Communities surrounding the Limpopo River Estuary maintain a mangrove nursery, plant seedlings, and monitor the state of reforested areas. The reforested areas have already been found to provide improved flood protection, reduce salt intrusion on agricultural land, and bring back previously diminished wildlife species.
Starting in 2008, 58 community members began restoring the channels that had previously connected the mangroves with the tides. Two years later, a mangrove nursery was created, which has to date produced 168,367 seedlings of six different mangrove varieties, and 200 community members have begun replanting. Seedlings have survived at a rate of 74% after community monitors responded to the threat of grazing crabs by covering seedlings with reeds. Seeing the benefits of the restored mangrove for agriculture, wildlife, and flood protection (another incident of severe flooding occurred in 2013 with significantly less damage), community members ultimately imposed a ban on forest product extraction in the reforestation zone.
Overview of context and outcomes:
In 2000, heavy rains caused devastating flooding of the Limpopo River Estuary. The flooding left mangrove forests uprooted and vulnerable to dieback. Although the mangrove forests in the estuary had previously been weakened due to both human and environmental pressures, they still served an important ecological and economic role for the surrounding communities.
Although not quantified, the replanting of a previously weakened mangrove ecosystem will likely contribute to climate change mitigation on a small scale.
The reported restoration of mangrove forests will likely protect communities from increased flooding caused by climate change induced changes in rainfall and sea level rise. Already after a serious flood impacted the area again in 2013, community members reported less severe impacts compared to the 2000 flood. Community members partly attribute this difference to the mangrove reforestation efforts.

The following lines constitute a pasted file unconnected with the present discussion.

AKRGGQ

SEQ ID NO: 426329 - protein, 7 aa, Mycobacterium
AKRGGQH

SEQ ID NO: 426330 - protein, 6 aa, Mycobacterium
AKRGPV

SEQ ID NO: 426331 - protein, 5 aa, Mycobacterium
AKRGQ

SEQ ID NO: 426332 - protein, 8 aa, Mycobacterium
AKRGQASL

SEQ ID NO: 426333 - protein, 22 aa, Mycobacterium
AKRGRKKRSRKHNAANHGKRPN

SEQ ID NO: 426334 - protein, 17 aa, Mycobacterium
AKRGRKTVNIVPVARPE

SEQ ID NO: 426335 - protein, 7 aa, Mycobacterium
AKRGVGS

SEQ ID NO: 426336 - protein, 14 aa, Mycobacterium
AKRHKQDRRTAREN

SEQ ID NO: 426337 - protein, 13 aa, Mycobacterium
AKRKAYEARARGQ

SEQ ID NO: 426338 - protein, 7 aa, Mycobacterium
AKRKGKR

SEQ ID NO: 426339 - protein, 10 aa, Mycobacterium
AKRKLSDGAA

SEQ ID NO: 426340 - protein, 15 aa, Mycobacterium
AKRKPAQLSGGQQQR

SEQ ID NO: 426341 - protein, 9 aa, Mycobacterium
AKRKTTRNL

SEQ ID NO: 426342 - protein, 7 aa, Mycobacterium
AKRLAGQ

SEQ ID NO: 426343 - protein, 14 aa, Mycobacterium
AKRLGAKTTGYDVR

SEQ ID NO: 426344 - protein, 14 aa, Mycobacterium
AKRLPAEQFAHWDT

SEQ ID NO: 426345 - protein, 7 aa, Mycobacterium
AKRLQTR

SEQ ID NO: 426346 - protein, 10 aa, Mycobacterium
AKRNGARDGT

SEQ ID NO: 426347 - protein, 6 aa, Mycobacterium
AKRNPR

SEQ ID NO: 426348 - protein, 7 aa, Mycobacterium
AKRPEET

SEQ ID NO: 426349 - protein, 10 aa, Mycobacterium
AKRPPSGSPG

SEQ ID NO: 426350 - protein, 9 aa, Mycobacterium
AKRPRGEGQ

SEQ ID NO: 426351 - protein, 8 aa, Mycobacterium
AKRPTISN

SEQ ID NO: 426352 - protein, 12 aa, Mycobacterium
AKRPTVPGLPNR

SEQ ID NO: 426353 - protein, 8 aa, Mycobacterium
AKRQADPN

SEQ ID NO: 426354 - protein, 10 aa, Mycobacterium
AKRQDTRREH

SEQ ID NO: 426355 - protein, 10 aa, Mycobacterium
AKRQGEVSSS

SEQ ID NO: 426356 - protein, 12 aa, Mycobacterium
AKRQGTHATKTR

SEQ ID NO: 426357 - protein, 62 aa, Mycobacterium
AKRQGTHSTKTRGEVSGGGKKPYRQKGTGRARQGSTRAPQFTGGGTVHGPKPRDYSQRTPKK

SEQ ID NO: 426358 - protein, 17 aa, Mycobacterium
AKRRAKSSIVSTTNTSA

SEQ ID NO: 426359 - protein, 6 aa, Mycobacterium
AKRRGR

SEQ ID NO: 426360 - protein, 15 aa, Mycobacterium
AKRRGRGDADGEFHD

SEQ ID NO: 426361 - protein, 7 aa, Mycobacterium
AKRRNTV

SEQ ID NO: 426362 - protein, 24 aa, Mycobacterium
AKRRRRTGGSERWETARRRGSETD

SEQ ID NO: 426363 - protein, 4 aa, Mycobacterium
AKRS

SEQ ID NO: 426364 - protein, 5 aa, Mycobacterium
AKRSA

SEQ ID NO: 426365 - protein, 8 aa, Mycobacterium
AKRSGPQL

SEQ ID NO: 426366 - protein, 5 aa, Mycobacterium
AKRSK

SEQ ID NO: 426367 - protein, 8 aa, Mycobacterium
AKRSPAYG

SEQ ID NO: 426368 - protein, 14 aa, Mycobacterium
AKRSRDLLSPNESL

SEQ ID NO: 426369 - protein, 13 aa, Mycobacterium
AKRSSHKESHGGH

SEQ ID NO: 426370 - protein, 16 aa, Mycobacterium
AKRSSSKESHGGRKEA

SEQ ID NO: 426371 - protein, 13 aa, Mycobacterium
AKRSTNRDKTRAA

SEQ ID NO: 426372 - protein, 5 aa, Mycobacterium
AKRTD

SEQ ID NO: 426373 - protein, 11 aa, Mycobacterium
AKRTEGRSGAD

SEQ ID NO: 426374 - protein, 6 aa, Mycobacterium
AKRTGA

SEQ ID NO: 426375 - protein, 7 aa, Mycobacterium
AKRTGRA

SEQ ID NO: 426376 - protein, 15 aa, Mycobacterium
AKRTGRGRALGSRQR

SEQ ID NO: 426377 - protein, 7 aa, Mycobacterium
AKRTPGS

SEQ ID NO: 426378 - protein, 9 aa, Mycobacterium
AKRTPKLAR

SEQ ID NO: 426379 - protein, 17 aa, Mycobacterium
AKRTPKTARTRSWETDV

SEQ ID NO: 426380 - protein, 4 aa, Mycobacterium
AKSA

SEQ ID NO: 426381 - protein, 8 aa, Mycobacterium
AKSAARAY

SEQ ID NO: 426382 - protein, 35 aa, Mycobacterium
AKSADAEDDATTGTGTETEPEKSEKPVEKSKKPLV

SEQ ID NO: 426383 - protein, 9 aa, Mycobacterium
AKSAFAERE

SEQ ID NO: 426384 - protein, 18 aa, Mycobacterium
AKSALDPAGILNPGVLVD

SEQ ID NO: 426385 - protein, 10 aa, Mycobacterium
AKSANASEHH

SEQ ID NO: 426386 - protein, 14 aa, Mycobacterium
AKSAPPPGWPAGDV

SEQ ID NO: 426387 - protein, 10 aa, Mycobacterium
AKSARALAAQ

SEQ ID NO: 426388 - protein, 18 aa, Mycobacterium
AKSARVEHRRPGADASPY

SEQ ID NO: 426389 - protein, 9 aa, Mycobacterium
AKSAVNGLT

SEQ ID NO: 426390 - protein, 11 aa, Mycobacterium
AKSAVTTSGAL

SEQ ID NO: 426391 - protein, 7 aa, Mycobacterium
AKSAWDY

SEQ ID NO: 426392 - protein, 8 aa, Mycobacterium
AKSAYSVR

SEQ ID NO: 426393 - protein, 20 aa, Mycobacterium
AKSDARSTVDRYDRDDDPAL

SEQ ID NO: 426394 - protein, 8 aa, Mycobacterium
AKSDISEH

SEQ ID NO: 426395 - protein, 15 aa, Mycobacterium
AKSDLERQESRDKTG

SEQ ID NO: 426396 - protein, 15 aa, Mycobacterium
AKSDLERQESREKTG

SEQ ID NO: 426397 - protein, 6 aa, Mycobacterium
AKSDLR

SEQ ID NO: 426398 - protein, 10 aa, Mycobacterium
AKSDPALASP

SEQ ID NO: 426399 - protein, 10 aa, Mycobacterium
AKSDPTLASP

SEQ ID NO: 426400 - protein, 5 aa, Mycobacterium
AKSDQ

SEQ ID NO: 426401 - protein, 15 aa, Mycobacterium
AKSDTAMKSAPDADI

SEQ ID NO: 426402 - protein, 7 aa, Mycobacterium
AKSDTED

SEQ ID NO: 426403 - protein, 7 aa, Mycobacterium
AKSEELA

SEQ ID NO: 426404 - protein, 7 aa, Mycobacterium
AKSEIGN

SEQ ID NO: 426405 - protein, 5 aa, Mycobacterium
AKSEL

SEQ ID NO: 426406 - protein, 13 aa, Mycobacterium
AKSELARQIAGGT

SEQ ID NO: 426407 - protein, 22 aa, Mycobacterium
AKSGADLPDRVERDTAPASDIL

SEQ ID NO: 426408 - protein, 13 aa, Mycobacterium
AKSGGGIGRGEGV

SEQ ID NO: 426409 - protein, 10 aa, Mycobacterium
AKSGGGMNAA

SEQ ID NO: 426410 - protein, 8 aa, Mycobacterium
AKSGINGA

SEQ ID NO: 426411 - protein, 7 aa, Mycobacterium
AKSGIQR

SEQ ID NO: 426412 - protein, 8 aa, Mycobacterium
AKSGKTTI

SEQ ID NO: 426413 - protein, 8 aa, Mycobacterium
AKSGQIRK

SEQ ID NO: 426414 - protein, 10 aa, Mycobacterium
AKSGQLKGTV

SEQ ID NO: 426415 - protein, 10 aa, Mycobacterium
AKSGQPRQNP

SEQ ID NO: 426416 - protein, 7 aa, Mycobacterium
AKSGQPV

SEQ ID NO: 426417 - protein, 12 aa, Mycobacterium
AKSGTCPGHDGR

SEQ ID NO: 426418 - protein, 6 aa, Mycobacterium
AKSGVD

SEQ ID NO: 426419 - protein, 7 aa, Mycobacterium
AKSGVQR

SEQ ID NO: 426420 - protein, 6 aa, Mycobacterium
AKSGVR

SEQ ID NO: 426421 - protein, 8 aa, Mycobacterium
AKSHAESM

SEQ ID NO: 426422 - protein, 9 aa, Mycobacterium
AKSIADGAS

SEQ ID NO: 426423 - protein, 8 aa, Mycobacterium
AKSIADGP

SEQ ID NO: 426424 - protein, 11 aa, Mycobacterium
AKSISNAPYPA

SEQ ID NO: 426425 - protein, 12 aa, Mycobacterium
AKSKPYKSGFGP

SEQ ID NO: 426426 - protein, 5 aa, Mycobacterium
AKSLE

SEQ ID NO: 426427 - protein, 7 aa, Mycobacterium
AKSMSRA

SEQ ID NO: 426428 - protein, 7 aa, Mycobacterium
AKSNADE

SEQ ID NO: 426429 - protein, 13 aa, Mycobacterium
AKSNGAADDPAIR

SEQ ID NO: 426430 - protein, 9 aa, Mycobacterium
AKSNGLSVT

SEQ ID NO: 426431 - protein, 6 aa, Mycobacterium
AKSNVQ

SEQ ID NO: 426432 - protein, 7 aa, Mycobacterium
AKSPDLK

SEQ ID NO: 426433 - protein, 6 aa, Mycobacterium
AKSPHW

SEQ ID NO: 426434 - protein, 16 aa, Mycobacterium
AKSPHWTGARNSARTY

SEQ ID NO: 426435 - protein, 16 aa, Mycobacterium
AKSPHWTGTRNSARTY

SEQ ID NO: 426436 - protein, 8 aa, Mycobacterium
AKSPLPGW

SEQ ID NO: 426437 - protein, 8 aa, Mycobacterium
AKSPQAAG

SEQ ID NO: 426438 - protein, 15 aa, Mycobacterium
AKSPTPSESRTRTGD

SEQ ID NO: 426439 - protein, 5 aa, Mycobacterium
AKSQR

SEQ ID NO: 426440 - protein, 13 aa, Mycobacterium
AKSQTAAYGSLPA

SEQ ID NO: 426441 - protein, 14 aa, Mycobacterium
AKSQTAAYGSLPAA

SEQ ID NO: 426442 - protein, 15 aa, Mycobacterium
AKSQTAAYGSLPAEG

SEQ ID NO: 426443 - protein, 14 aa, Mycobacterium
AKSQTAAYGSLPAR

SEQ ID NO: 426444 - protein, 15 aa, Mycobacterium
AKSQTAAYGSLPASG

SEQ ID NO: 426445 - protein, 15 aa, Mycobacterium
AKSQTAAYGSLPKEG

By 2013, 100 hectares of mangroves had been reforested with an observed seedling survival rate of 74%. A community leader reported that several species of fish that had previously disappeared from the estuary had since returned.
Communities have shifted from timber harvesting and cattle grazing to more sustainable livelihood practices such as crabbing, tilapia farming, and mangrove honey production. Areas sheltered by restored mangroves have reportedly rendered fisheries more stable and profitable. Each community member participating in mangrove replanting was provided with a small remuneration. Ten permanent positions managing the mangrove nursery and monitoring reforestation progress have been created. The strengthened mangroves have reportedly reduced salt water intrusion on agricultural land increasing productivity and likely bolstering food security. Seeing as women are primarily responsible for subsistence farming in the area, they have since become much more active in the conservation and reforestation efforts.
The project is governed by the Centre for Sustainable
Development of the Coastal Zones which works with local community leaders and members to implement the project.
The project was initially funded by the Centre for Sustainable Development of the Coastal Zones which is a autonomous institution under the Ministry of Land, Environment and Rural Development focused on providing technical assistance.
Ten community members were paid to assist with management and monitoring of the site. Most of this monitoring focuses on the tidal channels and protecting seedlings from grazing pressure.
A large limitation for the project is sustainable financing. Current financial flows can be irregular which jeopardizes the stability of the project.